The National Sleep Foundation (NSF) has updated its recommendations for the amount of sleep we should be getting each night. The new guidelines coincide with the foundation’s 25th anniversary and are the result of a 2 year study which reviewed more than 300 current scientific publications.
Our table shows how the new recommendations compared with the old guidelines. Although recommendations for adult sleep times have not changed, 2 new categories have been introduced, Young Adults, and Older Adults.
|Age||New recommendations||Old recommendations|
|Newborns (0-3 months )||14-17 hrs||12-18 hrs|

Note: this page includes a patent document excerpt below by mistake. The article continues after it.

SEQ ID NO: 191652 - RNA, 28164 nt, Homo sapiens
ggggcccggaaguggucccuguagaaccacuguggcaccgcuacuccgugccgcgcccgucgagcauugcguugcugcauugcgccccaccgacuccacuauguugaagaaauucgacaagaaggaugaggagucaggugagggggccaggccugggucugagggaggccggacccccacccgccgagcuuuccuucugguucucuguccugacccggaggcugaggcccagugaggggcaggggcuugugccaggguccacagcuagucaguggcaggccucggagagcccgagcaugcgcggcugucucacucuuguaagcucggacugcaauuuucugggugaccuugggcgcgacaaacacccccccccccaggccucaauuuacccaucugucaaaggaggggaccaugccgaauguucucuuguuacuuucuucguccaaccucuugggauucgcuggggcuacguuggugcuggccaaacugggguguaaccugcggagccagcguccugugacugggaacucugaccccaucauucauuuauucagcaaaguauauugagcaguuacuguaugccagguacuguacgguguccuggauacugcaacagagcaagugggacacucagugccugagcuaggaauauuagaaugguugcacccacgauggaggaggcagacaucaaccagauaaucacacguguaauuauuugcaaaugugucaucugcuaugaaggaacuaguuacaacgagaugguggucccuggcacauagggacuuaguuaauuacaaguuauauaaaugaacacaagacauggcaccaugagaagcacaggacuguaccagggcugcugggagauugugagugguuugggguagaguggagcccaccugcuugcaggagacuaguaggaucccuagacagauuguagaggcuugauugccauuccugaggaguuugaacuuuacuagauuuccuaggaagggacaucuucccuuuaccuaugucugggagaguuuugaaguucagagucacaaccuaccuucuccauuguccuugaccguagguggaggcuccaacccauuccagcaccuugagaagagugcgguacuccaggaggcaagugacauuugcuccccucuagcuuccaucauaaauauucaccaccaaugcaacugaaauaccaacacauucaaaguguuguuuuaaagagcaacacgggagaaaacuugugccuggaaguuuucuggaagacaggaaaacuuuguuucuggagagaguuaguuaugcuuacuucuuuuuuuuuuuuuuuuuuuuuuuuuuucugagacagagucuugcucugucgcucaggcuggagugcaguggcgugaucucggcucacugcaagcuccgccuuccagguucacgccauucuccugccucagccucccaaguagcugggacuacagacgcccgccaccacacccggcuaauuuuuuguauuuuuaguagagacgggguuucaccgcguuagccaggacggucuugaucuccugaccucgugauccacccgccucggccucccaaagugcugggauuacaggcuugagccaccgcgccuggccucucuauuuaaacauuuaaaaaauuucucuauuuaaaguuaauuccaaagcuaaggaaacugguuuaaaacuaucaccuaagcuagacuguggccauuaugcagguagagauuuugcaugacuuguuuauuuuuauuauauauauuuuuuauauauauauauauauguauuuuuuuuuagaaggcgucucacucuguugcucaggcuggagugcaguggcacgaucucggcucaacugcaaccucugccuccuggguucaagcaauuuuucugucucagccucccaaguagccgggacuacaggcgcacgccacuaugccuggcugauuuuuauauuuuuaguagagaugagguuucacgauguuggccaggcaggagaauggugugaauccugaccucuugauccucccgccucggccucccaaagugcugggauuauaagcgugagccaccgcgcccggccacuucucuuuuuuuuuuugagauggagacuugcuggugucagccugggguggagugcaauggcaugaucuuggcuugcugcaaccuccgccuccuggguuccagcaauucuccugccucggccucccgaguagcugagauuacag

|Infants (4-11 months)||12-15 hrs||14-15 hrs|
|Toddlers (1-2 years)||11-14 hrs||12-14 hrs|
|Preschoolers (3-5)||10-13 hrs||11-13 hrs|
|School age children (6-13)||9-11 hrs||10-11 hrs|
|Teenagers (14-17)||8-10 hrs||8.5-9.5 hrs|
|Younger adults (18-25)||7-9 hrs||(new age category)|
|Adults (26-64)||7-9 hrs||7-9 hrs|
|Older adults (65+)||7-8 hrs||(new age category)|
‘Rule of thumb’
Recognising that research cannot pinpoint the exact amount of sleep each of us needs, the NSF says its new recommendations should be considered ‘rule of thumb’ amounts that experts agree upon, rather than as a hard and fast set of rules.
The NSF also produced a chart which as well as showing ‘recommended’ sleep durations, also displays two other ranges, ‘May be appropriate’ and ‘not recommended’